It’s been five weeks of long walks in the sun for Mark and Marina Sarty and their dog — and lots of waiting. Marina, a Ukrainian national whom Mark married in that country two years ago, has not yet been approved for entry into Canada, so the couple is stuck abroad.
Getting married doesn’t give you the ability to leapfrog — it gives you the ability to enter the system
Fleeing Marina’s home city in Ukraine amidst martial law and fears of insecurity, the quickest and easiest visitor’s visa for the two was offered by Mexico, and that’s what brought them to their rented apartment in Puerto Penasco.
When Ukrainian President Petro Poroshenko suspended his nation’s ordinary laws on Nov. 26, Sarty said it was time for him and his wife to leave. Martial law was imposed across nearly half of the country the day after the Russian military fired at and then seized three Ukrainian navy ships and their crews. Tensions were high and there was “talk regarding an imminent invasion — it was a little scary,” said Sarty.
A self-described “military brat” whose family moved around a lot, Sarty himself spent eight years with the Royal Canadian Air Force until an on-duty injury led to his release in 2010 on a military pension. He bought a house in Windsor but resumed his globetrotting ways several years ago. Ukraine became a favourite destination, he volunteered at an orphanage and he then met Marina — who boasts a masters degree in accounting and worked at a shipping company — at a gym in her home city of Cherkasy.
They were married in June 2017 and were in no rush to leave. There has been fighting since 2014 on the eastern border with Russia, when that country invaded and annexed the Crimean Peninsula, but things were relatively peaceful and comfortable in their central part of Ukraine, said Sarty.
A year ago, however, “things started to escalate, things were getting more unstable,” he said. At the start of 2018, Russia cut off the natural gas supply to Ukraine. Last fall, after assembling the necessary paperwork, Sarty submitted an application to Immigration, Refugees and Citizenship Canada to sponsor his spouse as a permanent resident.
Then came the globally condemned Kerch Strait Russian naval incident and the ramped-up rhetoric in Ukraine, at a time when the government of a relatively unpopular president was gearing up for national elections. Sarty said he asked Canadian authorities whether his wife was good to return to Windsor with him should war break out and the response was that “every Canadian is responsible for their own security.”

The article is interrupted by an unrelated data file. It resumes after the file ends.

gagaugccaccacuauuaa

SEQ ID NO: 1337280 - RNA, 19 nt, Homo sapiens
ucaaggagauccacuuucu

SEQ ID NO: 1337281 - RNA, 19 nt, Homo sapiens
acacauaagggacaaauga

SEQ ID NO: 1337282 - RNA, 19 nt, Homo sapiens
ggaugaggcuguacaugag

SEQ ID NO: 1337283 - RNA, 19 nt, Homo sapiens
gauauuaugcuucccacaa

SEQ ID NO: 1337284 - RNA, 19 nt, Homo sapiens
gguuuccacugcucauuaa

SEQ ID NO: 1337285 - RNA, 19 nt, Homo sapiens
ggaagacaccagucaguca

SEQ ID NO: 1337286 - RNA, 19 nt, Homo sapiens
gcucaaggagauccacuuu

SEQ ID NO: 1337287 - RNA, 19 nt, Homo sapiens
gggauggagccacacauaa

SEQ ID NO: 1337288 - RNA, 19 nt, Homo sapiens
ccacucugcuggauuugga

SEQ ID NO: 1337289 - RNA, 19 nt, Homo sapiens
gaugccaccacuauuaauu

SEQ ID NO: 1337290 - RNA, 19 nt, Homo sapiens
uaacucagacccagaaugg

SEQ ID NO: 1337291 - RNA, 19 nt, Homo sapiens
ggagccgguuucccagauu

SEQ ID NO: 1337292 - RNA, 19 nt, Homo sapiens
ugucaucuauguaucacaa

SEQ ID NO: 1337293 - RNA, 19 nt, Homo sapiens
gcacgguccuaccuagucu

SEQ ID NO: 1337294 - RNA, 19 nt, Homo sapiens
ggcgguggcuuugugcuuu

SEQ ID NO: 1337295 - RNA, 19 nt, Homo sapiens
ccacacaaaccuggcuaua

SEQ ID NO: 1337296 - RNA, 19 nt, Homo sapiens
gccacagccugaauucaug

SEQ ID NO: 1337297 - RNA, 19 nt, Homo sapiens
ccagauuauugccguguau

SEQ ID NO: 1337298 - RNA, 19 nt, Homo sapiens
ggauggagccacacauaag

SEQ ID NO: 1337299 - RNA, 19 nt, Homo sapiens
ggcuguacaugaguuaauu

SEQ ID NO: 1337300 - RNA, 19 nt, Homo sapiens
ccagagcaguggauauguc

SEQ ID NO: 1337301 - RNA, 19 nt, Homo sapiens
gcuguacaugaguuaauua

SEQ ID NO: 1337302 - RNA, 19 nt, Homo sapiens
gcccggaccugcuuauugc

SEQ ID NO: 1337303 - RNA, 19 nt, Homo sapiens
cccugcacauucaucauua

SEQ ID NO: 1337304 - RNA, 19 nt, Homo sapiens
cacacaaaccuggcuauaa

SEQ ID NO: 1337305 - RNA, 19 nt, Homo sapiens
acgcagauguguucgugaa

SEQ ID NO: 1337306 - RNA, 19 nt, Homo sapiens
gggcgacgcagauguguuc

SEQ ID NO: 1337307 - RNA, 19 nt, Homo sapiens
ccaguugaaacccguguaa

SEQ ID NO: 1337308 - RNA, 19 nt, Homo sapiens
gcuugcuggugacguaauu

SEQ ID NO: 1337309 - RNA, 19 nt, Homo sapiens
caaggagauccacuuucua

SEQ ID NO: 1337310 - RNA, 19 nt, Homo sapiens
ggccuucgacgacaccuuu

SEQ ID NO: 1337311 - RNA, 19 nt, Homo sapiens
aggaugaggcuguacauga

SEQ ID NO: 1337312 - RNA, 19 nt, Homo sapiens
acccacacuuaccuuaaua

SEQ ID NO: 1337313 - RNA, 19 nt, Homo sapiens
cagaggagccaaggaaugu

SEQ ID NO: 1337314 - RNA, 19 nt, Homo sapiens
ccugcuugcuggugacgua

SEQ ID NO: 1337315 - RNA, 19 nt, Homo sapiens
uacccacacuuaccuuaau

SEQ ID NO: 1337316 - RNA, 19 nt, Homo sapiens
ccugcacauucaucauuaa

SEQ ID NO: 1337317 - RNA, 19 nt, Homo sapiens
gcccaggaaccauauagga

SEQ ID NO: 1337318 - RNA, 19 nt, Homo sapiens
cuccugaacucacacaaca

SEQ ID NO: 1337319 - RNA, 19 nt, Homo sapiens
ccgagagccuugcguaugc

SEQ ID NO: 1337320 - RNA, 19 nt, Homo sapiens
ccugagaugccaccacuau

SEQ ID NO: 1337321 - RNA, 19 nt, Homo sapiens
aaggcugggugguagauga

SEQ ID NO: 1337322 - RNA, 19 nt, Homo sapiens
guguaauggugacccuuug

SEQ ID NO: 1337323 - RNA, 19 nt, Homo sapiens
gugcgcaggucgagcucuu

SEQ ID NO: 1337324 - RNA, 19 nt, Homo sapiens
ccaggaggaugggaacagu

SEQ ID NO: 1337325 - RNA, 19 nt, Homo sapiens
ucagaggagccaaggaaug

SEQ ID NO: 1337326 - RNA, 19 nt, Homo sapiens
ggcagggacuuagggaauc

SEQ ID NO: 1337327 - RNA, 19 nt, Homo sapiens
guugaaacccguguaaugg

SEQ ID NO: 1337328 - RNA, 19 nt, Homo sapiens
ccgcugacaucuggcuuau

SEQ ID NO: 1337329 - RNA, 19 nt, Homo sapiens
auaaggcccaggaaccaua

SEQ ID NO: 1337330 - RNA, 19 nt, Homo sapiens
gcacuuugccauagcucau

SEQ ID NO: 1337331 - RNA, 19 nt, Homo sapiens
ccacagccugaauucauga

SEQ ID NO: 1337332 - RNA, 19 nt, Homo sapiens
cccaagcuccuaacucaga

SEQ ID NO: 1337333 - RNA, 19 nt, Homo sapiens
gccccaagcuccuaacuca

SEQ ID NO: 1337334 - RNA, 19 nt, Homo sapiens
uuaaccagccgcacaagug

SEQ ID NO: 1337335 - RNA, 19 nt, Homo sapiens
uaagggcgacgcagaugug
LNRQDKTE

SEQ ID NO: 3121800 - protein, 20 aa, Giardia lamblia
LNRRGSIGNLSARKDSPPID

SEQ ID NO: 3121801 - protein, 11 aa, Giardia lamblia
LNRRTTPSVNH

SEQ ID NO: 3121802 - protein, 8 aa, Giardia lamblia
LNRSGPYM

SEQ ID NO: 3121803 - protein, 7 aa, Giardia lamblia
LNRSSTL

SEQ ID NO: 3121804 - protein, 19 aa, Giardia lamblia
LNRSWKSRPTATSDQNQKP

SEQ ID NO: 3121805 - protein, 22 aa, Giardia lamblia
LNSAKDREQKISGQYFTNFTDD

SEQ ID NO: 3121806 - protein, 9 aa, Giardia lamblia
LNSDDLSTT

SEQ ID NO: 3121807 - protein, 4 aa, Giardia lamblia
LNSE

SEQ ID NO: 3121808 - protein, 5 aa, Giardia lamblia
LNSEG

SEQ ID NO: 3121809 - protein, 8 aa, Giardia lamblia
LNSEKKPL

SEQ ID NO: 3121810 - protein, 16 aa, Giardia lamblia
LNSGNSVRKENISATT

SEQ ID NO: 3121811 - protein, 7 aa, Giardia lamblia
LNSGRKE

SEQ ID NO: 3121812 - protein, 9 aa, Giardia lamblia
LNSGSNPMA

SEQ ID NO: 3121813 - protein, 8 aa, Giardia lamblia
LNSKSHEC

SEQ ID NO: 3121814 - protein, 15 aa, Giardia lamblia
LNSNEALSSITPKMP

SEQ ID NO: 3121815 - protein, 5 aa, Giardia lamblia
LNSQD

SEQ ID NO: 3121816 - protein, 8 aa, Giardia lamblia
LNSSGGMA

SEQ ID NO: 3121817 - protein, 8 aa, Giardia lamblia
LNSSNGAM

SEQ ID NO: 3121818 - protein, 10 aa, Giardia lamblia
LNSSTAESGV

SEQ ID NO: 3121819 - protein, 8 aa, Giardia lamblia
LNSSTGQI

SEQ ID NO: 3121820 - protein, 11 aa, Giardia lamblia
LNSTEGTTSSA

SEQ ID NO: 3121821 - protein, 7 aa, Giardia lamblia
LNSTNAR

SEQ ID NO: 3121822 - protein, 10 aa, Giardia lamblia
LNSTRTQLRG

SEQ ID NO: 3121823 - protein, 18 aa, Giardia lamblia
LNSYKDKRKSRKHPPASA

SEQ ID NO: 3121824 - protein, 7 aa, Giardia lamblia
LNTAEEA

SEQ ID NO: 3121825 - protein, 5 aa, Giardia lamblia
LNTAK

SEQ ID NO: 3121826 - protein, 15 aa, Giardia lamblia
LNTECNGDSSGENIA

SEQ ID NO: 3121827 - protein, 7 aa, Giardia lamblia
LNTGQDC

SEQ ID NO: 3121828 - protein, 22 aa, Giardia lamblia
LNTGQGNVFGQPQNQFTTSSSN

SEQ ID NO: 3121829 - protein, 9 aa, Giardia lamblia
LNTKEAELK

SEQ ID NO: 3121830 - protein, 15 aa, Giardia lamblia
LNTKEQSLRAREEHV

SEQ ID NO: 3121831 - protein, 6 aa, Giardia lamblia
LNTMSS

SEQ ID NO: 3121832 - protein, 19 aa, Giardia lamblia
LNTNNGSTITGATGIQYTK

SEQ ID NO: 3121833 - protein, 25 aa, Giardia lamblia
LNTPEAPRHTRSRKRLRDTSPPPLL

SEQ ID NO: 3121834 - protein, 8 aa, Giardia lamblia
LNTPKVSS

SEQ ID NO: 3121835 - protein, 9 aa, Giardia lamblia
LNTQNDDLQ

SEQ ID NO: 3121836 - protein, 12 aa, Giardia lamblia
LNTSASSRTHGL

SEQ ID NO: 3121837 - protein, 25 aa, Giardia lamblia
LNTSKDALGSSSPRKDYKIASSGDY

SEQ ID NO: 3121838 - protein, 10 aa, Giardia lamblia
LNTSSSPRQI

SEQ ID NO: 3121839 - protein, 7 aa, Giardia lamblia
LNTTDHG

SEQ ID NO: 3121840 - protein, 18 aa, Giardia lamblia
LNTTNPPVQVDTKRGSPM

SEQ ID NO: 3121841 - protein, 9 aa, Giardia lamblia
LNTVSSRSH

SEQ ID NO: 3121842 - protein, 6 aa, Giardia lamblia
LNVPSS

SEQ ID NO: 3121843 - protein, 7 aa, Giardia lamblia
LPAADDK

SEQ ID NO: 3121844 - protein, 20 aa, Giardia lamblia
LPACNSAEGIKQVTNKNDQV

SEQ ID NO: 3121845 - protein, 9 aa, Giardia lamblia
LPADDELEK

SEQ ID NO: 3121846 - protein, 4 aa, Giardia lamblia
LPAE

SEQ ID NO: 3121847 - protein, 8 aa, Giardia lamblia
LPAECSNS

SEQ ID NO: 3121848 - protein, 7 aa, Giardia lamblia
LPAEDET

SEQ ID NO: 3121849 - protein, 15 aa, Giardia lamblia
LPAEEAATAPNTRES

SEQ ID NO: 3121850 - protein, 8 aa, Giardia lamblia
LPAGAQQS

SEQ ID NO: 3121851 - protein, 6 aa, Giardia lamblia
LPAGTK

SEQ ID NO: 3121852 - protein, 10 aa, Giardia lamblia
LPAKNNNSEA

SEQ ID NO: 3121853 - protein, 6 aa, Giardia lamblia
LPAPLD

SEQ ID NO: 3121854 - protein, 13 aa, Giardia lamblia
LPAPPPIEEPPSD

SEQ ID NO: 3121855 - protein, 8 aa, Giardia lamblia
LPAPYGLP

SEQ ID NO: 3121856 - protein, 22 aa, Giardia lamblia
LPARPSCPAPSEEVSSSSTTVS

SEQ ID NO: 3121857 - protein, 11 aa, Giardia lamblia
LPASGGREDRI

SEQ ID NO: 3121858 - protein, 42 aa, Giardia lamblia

The Canadian border was open to Sarty alone, but “I’m not going to leave my wife behind.”
Marina tried for a Canadian visitor’s visa — typically good for up to six months — but that was denied due to the couple’s long-term plan for her to stay. Spousal sponsorship applications for permanent residency typically take about a year.
So, after martial law was declared in Ukraine, the pair flew to Mexico.
They’ve been relying on a Windsor immigration consultant found on Google, but Sarty said it’s been expensive and slow.
The couple has begun looking at what to do next if the Canadian borders remain closed when their Mexican visitor’s visa expires. They’ve looked at other countries to move to, but Plan B, according to Sarty, is applying for permanent residency in Mexico.
The former military man said federal Mexican authorities regularly zip by their modest apartment in machine-gun-mounted pickup trucks. “It’s not terrible, but it’s Mexico — we can’t afford to stay in a resort,” he said.
Long-time Windsor immigrant lawyer Drew Porter said he sympathizes with the stranded couple but also understands some of the reticence on the part of Canadian authorities.
A visitor visa, by definition, is for someone not planning to stay, he said. And there have been problems with so-called “marriages of convenience” — Canadian citizens connecting abroad with new spouses interested mainly in an expedited entry into the country.
“Getting married doesn’t give you the ability to leapfrog — it gives you the ability to enter the system,” said Porter. And it takes time, with the need for criminal, security and other background checks, as well as a medical examination, and all of that being processed in a system with “overburdened” consular staff abroad.
Not knowing the details of the Sarty case, Porter said a possible avenue for the couple is under Section 25 of the Immigration and Refugee Protection Act, which allows for special humanitarian and compassionate considerations to be considered under certain circumstances.